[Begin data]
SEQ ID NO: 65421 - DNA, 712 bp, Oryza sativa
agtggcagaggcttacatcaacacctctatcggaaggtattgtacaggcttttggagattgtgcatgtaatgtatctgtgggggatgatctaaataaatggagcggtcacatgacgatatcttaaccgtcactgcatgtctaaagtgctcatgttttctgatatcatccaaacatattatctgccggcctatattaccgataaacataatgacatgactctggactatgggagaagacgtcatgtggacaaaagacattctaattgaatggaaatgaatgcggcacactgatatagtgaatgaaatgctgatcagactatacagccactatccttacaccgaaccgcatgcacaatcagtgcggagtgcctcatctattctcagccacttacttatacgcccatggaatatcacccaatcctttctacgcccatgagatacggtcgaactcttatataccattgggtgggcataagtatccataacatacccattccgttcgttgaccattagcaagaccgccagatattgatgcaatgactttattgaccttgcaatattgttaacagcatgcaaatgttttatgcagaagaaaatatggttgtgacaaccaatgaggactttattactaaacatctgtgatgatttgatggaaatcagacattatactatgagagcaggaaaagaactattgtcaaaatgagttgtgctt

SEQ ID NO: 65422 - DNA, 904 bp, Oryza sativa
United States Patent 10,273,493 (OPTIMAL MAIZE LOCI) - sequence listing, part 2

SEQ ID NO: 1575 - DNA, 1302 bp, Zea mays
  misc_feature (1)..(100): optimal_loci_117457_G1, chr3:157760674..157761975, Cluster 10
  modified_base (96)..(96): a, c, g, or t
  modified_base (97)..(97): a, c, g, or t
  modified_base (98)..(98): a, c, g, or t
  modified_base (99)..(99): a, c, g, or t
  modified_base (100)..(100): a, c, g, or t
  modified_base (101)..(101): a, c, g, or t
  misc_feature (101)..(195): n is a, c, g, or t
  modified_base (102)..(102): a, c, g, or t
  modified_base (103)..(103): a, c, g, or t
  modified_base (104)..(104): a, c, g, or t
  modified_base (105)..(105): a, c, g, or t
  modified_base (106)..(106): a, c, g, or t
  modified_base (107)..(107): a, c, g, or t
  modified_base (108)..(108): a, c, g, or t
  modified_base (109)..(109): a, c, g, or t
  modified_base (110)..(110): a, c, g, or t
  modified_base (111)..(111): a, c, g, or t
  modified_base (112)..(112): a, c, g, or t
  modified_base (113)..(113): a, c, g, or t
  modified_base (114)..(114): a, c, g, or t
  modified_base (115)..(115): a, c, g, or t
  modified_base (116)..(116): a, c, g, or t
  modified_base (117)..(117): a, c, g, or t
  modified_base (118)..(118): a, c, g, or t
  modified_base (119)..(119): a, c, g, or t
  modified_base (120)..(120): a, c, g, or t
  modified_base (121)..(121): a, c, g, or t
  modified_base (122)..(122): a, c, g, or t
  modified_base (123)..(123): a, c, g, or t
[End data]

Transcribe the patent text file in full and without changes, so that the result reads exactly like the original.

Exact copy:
SEQ ID NO: 65421 - DNA, 712 bp, Oryza sativa
agtggcagaggcttacatcaacacctctatcggaaggtattgtacaggcttttggagattgtgcatgtaatgtatctgtgggggatgatctaaataaatggagcggtcacatgacgatatcttaaccgtcactgcatgtctaaagtgctcatgttttctgatatcatccaaacatattatctgccggcctatattaccgataaacataatgacatgactctggactatgggagaagacgtcatgtggacaaaagacattctaattgaatggaaatgaatgcggcacactgatatagtgaatgaaatgctgatcagactatacagccactatccttacaccgaaccgcatgcacaatcagtgcggagtgcctcatctattctcagccacttacttatacgcccatggaatatcacccaatcctttctacgcccatgagatacggtcgaactcttatataccattgggtgggcataagtatccataacatacccattccgttcgttgaccattagcaagaccgccagatattgatgcaatgactttattgaccttgcaatattgttaacagcatgcaaatgttttatgcagaagaaaatatggttgtgacaaccaatgaggactttattactaaacatctgtgatgatttgatggaaatcagacattatactatgagagcaggaaaagaactattgtcaaaatgagttgtgctt

SEQ ID NO: 65422 - DNA, 904 bp, Oryza sativa
United States Patent 10,273,493 (OPTIMAL MAIZE LOCI) - sequence listing, part 2

SEQ ID NO: 1575 - DNA, 1302 bp, Zea mays
  misc_feature (1)..(100): optimal_loci_117457_G1, chr3:157760674..157761975, Cluster 10
  modified_base (96)..(96): a, c, g, or t
  modified_base (97)..(97): a, c, g, or t
  modified_base (98)..(98): a, c, g, or t
  modified_base (99)..(99): a, c, g, or t
  modified_base (100)..(100): a, c, g, or t
  modified_base (101)..(101): a, c, g, or t
  misc_feature (101)..(195): n is a, c, g, or t
  modified_base (102)..(102): a, c, g, or t
  modified_base (103)..(103): a, c, g, or t
  modified_base (104)..(104): a, c, g, or t
  modified_base (105)..(105): a, c, g, or t
  modified_base (106)..(106): a, c, g, or t
  modified_base (107)..(107): a, c, g, or t
  modified_base (108)..(108): a, c, g, or t
  modified_base (109)..(109): a, c, g, or t
  modified_base (110)..(110): a, c, g, or t
  modified_base (111)..(111): a, c, g, or t
  modified_base (112)..(112): a, c, g, or t
  modified_base (113)..(113): a, c, g, or t
  modified_base (114)..(114): a, c, g, or t
  modified_base (115)..(115): a, c, g, or t
  modified_base (116)..(116): a, c, g, or t
  modified_base (117)..(117): a, c, g, or t
  modified_base (118)..(118): a, c, g, or t
  modified_base (119)..(119): a, c, g, or t
  modified_base (120)..(120): a, c, g, or t
  modified_base (121)..(121): a, c, g, or t
  modified_base (122)..(122): a, c, g, or t
  modified_base (123)..(123): a, c, g, or t